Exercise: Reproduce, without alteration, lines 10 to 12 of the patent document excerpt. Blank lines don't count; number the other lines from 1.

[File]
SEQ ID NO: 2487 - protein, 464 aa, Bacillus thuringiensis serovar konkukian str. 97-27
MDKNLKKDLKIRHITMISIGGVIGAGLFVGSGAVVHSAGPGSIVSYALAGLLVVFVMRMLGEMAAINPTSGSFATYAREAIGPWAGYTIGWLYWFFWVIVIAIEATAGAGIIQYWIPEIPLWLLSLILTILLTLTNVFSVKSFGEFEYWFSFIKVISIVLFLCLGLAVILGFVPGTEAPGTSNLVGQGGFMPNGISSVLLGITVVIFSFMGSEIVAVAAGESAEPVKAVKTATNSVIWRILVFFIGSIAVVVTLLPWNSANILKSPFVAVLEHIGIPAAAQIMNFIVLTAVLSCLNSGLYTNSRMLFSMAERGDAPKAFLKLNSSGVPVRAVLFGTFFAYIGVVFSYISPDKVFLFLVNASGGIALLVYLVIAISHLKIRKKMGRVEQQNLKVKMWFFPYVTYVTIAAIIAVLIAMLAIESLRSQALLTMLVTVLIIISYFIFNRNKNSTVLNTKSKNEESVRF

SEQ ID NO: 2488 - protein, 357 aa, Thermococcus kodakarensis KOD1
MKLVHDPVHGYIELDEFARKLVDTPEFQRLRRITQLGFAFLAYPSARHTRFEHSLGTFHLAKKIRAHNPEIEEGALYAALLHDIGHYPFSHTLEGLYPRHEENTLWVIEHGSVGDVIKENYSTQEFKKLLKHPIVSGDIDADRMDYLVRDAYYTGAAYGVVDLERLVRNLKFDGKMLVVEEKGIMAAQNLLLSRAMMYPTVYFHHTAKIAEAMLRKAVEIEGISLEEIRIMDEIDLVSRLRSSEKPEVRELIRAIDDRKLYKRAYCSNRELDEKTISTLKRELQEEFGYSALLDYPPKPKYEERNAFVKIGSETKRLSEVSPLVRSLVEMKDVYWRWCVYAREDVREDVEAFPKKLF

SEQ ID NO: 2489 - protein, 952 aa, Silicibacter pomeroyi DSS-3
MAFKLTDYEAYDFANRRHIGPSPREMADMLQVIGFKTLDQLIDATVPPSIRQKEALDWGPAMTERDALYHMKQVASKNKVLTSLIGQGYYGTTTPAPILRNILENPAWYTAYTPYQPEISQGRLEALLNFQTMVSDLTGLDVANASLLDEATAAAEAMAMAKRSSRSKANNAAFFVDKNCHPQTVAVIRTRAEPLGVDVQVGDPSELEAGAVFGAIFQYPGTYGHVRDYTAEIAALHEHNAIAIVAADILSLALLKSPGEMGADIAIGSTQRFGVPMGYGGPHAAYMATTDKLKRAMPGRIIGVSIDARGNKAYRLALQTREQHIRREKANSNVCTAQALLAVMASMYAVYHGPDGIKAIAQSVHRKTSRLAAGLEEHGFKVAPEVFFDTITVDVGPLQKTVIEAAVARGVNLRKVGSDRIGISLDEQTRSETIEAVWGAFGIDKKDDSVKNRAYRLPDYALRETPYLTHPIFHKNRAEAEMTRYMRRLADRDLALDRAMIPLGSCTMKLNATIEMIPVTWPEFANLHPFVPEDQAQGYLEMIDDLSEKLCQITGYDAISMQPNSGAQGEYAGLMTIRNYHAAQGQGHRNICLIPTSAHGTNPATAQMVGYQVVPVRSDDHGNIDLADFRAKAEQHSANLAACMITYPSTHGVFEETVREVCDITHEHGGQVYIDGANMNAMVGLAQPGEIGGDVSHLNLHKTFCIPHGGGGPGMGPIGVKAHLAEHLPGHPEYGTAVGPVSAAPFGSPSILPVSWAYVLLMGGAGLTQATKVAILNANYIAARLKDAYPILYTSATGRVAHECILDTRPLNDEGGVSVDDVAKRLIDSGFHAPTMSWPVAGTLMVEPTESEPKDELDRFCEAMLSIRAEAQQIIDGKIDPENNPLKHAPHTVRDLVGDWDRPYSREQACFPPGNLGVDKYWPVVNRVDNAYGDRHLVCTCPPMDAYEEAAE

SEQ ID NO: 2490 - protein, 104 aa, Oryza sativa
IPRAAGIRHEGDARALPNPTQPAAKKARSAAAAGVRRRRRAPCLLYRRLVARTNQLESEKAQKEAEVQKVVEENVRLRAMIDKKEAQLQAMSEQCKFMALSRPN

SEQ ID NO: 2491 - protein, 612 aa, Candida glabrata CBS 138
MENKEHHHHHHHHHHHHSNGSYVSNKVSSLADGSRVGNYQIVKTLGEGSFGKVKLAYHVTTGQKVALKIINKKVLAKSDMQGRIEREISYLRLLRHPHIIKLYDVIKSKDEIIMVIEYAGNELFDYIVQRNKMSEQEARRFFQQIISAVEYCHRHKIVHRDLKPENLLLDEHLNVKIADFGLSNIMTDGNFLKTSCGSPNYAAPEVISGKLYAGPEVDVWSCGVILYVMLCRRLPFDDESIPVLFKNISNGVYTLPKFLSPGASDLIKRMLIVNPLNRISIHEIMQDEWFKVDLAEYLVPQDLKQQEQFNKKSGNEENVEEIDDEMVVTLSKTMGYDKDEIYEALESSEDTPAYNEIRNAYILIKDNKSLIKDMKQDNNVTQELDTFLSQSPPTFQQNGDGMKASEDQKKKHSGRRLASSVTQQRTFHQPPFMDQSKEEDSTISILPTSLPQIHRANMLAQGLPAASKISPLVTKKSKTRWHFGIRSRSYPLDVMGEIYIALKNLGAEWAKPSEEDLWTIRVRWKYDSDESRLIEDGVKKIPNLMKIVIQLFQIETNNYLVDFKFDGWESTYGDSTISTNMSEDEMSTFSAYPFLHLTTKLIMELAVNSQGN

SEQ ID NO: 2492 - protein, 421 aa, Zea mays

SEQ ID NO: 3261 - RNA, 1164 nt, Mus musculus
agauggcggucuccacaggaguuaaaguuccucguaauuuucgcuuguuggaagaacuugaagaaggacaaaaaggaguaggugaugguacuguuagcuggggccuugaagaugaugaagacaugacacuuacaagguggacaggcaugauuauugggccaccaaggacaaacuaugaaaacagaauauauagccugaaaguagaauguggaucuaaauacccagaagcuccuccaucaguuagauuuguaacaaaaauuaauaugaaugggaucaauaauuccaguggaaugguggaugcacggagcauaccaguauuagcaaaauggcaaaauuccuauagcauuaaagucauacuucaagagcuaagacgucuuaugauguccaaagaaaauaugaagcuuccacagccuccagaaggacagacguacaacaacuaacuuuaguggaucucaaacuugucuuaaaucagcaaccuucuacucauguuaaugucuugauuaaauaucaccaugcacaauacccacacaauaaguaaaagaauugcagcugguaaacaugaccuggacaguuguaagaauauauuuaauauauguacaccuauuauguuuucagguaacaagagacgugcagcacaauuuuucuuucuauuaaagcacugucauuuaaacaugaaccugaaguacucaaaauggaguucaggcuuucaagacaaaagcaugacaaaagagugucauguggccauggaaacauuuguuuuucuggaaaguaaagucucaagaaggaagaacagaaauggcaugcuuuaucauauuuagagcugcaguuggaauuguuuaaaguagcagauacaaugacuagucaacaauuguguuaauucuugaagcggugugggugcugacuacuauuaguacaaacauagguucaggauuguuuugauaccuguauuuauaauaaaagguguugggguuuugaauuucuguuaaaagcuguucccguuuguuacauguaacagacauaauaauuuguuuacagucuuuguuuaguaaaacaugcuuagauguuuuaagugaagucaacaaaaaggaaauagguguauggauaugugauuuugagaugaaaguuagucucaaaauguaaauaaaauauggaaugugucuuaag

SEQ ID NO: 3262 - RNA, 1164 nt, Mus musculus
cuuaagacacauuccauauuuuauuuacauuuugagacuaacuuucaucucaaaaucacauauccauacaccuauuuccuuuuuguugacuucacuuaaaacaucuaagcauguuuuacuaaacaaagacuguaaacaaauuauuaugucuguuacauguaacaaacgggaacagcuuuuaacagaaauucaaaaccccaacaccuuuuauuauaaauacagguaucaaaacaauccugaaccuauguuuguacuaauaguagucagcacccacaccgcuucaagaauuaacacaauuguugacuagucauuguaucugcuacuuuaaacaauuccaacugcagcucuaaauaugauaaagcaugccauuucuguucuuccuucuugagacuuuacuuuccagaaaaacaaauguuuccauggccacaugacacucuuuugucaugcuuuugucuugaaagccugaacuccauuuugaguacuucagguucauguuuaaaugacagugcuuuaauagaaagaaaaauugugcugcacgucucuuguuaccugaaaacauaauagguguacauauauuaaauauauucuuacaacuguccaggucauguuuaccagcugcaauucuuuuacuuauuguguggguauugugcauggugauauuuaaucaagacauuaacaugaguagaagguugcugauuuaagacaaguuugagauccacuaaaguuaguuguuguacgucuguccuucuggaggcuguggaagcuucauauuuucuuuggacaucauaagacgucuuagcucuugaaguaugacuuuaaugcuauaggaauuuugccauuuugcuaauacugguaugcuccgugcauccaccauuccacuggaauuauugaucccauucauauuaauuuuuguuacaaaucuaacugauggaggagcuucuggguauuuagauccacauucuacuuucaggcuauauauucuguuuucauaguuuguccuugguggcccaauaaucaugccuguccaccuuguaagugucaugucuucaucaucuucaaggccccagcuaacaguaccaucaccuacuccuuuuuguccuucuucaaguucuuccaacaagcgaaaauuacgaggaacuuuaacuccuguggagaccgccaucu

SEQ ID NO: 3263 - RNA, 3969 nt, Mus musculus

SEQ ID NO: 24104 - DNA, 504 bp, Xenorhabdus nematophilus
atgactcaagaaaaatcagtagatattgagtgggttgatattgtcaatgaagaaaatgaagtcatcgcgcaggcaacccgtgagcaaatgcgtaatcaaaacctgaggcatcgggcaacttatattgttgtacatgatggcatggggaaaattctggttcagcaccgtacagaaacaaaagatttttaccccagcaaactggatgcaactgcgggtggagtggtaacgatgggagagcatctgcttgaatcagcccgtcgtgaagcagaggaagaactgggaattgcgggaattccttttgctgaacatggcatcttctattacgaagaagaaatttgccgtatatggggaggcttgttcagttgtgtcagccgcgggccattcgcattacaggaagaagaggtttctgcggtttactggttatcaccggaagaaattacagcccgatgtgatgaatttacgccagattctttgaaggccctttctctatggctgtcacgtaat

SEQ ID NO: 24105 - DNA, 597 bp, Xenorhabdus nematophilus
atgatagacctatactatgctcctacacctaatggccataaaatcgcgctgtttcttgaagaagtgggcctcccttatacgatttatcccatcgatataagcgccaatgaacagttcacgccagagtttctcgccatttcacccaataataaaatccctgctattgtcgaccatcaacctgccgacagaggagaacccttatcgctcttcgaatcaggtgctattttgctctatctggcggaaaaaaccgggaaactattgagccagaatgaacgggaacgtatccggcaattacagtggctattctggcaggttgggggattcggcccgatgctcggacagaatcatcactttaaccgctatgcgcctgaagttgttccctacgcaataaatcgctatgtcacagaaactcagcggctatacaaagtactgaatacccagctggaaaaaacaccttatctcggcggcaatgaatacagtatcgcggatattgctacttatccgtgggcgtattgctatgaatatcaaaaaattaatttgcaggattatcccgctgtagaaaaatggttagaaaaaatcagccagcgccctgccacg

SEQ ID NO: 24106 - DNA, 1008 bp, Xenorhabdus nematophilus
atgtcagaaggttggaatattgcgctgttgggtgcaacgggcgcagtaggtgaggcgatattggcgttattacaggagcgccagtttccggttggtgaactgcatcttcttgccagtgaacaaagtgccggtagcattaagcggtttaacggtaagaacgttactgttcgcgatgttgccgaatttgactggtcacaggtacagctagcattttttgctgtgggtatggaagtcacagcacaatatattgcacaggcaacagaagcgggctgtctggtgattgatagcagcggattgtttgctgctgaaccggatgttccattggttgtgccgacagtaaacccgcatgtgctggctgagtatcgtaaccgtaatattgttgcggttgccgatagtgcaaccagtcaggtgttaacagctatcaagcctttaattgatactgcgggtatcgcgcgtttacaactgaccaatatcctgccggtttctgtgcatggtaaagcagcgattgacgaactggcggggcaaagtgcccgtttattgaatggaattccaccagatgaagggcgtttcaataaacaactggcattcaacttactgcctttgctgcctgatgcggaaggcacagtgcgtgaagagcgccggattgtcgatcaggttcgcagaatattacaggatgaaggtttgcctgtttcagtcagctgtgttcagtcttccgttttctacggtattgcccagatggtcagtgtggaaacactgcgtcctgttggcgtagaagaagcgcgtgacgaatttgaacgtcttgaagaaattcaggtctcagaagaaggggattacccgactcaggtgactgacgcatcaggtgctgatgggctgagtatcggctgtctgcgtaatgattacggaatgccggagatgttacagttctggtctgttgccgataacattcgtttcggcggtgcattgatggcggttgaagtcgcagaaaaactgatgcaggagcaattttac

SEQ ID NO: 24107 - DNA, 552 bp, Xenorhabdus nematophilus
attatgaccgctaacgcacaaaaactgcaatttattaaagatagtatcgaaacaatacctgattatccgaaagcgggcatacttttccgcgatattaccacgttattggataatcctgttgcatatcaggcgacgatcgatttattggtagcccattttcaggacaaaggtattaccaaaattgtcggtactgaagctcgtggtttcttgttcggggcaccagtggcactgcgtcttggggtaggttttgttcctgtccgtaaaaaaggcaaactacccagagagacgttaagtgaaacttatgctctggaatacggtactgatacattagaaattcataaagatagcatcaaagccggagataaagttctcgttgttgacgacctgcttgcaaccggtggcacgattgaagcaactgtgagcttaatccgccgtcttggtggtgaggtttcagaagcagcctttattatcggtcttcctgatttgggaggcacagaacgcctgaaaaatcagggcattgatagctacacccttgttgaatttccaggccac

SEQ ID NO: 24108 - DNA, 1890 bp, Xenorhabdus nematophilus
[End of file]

MENKEHHHHHHHHHHHHSNGSYVSNKVSSLADGSRVGNYQIVKTLGEGSFGKVKLAYHVTTGQKVALKIINKKVLAKSDMQGRIEREISYLRLLRHPHIIKLYDVIKSKDEIIMVIEYAGNELFDYIVQRNKMSEQEARRFFQQIISAVEYCHRHKIVHRDLKPENLLLDEHLNVKIADFGLSNIMTDGNFLKTSCGSPNYAAPEVISGKLYAGPEVDVWSCGVILYVMLCRRLPFDDESIPVLFKNISNGVYTLPKFLSPGASDLIKRMLIVNPLNRISIHEIMQDEWFKVDLAEYLVPQDLKQQEQFNKKSGNEENVEEIDDEMVVTLSKTMGYDKDEIYEALESSEDTPAYNEIRNAYILIKDNKSLIKDMKQDNNVTQELDTFLSQSPPTFQQNGDGMKASEDQKKKHSGRRLASSVTQQRTFHQPPFMDQSKEEDSTISILPTSLPQIHRANMLAQGLPAASKISPLVTKKSKTRWHFGIRSRSYPLDVMGEIYIALKNLGAEWAKPSEEDLWTIRVRWKYDSDESRLIEDGVKKIPNLMKIVIQLFQIETNNYLVDFKFDGWESTYGDSTISTNMSEDEMSTFSAYPFLHLTTKLIMELAVNSQGN

SEQ ID NO: 2492 - protein, 421 aa, Zea mays

SEQ ID NO: 3261 - RNA, 1164 nt, Mus musculus